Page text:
Celebrate Montana history with us! Your interest and love of Montana’s past energizes our work. With your help, more real stories of the past can be shared and more history is preserved for future generations. We invite you to enjoy, engage, explore, know, visit,and preserve Montana history by joining and supporting the Montana Historical Society.
Upcoming Films and Events
Saturdays in October, every hour on the hour beginning at 10:00 a.m.
We will be showing historic films from the MHS film archives (Note: No film will be shown at times when another program, as described below, is scheduled for the auditorium).
- Saturday, October 20—TBA
- Saturday, October 27—TBA
Wednesday, October 17, 10:45 a.m.–12:00 p.m.
Montana Department of Transportation Historian Jon Axline will present Graven Images: The Bearcreek Cemetery and the Smith Mine Disaster. The Bearcreek Cemetery is a time capsule that provides a wealth of information about a once-thriving coal town that, essentially, no longer exists. The cemetery also contains the remains of many of the men who were killed in the 1943 Smith Mine disaster, the worst coal mining disaster in Montana history. What the cemetery tells us about that community is extraordinary and provides a unique peek into Carbon County’s past. Please note: this is a new program. Pat Seiler's talk on the history of luggage has been rescheduled for Wednesday, January 16.
Thursday, October 18, 6:00 p.m., at the Montana Club, downtown Helena at 24 W 6th Ave
Liberated Spirits: Two Women Who Battled over Prohibition. Before his untimely death in 2015, Helena author Hugh Ambrose was working on a book that traced the Prohibition era through the lives of two extraordinary women—wealthy socialite Pauline Sabin, who opposed Prohibition, and Assistant U.S. Attorney General Mabel Willebrandt, a zealous enforcer of the law. Following Ambrose’s death, the book was completed by consulting historian John Schuttler, who had been assisting with research for the project. Join Schuttler and special guest Montana Governor Steve Bullock for this book talk and signing. RSVP to firstname.lastname@example.org.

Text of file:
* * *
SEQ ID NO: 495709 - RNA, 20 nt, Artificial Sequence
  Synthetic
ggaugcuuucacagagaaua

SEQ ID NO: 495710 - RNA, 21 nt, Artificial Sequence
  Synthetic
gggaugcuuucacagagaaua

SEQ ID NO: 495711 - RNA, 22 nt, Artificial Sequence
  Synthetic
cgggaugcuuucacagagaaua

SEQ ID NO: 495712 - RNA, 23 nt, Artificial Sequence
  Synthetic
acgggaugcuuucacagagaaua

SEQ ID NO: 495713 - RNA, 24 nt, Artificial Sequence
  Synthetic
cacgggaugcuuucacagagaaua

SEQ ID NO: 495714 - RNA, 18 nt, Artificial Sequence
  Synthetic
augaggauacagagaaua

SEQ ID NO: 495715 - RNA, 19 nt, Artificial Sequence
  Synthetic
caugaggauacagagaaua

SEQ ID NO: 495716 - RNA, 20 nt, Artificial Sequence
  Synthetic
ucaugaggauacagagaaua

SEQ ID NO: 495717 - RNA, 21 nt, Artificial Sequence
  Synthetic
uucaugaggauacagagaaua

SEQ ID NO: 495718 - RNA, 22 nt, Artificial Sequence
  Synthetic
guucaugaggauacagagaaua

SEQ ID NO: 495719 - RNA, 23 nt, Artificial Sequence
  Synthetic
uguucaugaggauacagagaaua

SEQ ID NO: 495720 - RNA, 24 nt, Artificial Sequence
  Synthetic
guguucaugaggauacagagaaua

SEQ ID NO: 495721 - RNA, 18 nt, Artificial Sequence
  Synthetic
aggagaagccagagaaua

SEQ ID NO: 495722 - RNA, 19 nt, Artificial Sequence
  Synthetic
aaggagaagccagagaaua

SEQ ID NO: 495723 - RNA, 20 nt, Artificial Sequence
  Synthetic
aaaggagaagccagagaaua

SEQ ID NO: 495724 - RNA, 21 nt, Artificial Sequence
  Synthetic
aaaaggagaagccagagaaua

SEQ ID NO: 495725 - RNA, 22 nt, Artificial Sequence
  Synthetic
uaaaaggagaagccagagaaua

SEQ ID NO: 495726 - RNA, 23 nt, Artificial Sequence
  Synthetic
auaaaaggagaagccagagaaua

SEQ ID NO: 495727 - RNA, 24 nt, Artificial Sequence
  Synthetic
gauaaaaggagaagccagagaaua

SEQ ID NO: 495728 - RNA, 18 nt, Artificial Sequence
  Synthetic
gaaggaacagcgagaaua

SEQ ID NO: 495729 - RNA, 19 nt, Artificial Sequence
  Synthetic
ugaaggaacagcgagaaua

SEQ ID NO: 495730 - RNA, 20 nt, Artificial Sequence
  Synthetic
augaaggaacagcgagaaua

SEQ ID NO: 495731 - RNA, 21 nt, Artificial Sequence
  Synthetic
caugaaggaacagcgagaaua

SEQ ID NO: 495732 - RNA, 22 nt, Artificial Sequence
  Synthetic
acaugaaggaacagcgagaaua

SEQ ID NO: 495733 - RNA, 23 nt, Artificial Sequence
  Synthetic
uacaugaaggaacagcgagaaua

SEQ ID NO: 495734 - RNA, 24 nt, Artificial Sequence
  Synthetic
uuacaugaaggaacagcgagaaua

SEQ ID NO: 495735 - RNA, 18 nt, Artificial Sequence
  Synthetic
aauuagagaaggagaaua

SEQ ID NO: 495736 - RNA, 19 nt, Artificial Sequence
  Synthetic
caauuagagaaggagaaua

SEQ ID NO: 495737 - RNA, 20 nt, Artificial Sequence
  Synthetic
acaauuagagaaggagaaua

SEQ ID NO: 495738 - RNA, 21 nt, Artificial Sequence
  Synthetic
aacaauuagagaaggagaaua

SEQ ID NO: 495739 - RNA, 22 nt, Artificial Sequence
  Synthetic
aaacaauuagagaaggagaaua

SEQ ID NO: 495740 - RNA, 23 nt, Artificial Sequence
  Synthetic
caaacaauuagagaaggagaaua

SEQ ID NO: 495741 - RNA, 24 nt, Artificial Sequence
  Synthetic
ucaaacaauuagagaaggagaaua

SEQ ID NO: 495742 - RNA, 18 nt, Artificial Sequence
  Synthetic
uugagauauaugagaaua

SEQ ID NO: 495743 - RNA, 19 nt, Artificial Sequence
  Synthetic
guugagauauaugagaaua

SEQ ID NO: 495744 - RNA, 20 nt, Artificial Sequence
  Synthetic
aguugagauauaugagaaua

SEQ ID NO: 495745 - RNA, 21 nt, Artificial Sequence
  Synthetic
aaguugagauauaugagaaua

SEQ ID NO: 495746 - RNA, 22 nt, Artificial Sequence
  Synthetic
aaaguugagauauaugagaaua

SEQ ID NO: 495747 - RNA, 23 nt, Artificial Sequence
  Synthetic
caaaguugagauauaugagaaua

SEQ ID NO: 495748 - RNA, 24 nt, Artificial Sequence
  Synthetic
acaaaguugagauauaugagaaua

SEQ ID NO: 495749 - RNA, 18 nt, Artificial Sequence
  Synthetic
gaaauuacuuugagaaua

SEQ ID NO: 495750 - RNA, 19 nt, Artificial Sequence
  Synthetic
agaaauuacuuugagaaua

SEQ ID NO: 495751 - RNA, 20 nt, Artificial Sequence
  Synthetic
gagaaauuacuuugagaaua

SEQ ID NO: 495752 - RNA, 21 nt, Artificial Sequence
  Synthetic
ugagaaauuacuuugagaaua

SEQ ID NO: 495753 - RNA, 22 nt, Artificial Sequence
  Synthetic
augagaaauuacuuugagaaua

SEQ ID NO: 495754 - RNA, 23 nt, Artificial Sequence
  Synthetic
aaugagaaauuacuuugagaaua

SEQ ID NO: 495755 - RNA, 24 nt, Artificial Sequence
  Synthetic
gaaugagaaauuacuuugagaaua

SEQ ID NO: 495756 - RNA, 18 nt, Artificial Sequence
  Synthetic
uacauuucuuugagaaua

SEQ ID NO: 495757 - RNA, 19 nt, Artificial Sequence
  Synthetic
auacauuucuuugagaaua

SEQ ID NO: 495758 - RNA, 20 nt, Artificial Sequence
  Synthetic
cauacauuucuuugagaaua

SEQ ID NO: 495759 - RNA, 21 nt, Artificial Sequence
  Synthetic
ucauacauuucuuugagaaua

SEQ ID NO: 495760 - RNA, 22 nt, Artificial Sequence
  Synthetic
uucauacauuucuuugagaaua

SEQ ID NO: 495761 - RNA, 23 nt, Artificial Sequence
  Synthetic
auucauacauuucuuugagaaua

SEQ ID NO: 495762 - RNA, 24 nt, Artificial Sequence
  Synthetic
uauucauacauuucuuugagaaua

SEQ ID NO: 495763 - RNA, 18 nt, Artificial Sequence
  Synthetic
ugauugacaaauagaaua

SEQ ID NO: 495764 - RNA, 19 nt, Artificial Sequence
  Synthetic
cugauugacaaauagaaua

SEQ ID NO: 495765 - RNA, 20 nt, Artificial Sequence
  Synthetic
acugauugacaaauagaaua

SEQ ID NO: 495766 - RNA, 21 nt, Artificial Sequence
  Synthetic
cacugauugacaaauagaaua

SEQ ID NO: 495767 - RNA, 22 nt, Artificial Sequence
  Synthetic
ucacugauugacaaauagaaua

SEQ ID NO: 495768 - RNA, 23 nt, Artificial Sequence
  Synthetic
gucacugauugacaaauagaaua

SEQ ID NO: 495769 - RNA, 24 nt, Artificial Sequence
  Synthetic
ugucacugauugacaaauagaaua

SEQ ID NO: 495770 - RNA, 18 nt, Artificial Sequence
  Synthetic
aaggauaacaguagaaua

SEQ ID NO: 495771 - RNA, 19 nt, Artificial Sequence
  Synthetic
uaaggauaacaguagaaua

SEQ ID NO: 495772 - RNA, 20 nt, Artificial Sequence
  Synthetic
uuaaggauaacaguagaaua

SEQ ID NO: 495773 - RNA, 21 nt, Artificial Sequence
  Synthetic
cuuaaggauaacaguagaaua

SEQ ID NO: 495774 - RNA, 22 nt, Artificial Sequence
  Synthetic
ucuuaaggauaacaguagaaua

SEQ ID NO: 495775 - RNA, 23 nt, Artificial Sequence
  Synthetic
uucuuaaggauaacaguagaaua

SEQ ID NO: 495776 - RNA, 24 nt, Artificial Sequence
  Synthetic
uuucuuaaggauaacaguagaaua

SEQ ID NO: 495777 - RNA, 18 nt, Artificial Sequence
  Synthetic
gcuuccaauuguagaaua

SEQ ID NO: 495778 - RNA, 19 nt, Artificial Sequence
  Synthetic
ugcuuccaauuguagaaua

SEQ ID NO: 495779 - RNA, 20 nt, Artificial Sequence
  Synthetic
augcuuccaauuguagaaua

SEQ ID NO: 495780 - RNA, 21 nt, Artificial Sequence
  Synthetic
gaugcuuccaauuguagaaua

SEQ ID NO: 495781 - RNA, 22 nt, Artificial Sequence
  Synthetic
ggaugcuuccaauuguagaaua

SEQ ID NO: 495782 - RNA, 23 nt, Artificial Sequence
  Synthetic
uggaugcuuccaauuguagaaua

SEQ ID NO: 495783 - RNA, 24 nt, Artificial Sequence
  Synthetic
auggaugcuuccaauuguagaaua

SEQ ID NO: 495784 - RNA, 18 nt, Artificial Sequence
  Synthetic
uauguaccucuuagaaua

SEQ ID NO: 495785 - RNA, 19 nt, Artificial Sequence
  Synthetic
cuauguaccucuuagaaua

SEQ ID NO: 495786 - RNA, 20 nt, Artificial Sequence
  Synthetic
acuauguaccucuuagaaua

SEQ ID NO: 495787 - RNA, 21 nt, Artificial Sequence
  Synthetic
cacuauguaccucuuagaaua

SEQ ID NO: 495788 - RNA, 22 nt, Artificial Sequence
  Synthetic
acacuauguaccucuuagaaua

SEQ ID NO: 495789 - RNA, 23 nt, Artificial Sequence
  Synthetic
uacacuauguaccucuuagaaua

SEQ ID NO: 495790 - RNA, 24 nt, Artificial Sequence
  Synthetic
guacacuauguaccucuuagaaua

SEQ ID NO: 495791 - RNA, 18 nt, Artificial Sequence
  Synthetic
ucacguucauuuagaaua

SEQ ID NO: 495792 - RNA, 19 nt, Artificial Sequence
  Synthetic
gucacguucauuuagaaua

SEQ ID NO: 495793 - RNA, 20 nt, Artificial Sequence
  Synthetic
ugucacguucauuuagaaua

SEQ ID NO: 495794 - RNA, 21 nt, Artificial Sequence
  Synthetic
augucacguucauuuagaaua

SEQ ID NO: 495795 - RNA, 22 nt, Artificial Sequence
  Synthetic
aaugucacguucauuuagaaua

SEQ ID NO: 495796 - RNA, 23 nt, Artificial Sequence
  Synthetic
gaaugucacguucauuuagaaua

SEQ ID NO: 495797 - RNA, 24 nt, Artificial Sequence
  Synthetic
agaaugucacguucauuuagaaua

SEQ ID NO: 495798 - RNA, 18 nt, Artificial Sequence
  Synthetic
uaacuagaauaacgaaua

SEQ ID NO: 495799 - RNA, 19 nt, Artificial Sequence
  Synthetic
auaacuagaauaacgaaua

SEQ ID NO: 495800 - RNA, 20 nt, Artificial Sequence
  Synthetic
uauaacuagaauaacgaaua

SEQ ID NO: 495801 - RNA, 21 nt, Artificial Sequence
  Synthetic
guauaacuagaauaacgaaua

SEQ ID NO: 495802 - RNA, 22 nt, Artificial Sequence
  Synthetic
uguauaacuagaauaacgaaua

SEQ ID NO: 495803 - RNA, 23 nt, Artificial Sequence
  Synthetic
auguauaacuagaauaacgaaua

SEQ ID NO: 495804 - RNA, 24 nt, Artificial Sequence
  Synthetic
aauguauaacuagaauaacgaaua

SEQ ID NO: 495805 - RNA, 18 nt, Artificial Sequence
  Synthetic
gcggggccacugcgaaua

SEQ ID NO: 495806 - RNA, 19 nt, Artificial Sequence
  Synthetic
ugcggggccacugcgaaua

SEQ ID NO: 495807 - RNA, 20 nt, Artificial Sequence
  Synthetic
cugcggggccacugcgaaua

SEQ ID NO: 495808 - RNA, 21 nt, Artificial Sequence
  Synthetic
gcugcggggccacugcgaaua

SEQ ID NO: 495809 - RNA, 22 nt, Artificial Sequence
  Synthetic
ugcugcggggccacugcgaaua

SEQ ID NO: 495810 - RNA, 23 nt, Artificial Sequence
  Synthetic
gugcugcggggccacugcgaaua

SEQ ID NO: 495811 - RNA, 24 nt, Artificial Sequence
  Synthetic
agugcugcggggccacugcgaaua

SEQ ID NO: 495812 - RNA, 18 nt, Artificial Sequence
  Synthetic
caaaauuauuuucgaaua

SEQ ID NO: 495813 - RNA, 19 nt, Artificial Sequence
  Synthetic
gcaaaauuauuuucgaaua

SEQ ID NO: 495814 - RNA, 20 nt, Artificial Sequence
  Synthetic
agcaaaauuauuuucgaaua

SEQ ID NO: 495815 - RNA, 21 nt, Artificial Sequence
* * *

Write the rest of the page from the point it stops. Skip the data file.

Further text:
Saturday, October 20, 1:30 p.m.–3:30 p.m.
It’s Home Movie Day at MHS! Home Movie Day is a celebration of amateur films and filmmaking held annually at dozens of local venues worldwide, providing the opportunity for individuals and families to discover how best to care for their films and get a rare chance to view examples of home movies.
“Home movies provide invaluable records of our families and our communities: they document vanished storefronts, questionable fashions, adorable pets, long-departed loved ones, and neighborhoods in transition. Many people still possess these old reels or tapes, passed down from generation to generation, but lack the projection equipment to view them properly and safely,” stated Skip Elsheimer, president of the Center for Home Movies. “That's where Home Movie Day comes in: the public brings the films, and volunteers inspect them, project them, and offer tips on storage, preservation, and video transfer—and free of charge, in most cities. And best of all, you get to watch them with an enthusiastic audience, equally hungry for local history,” added Elsheimer.
Admission to the Helena event is free, and advance submission of films and videos is strongly encouraged. To submit home movies in advance, contact Kelly Burton at Kelly.Burton@mt.gov or 406-444-3668. For more information about the Montana Historical Society and its Film Archives, visit https://mhs.mt.gov/research/collections/movingimages. To learn more about the Center for Home Movies, visit www.centerforhomemovies.org
Wednesday, October 31, 5:30 p.m.–7:30 p.m. at the Original Governor's Mansion, 304 N Ewing St
Bring the kids to trick-or-treat at the Original Governor’s Mansion for a sweet taste of Halloweens past.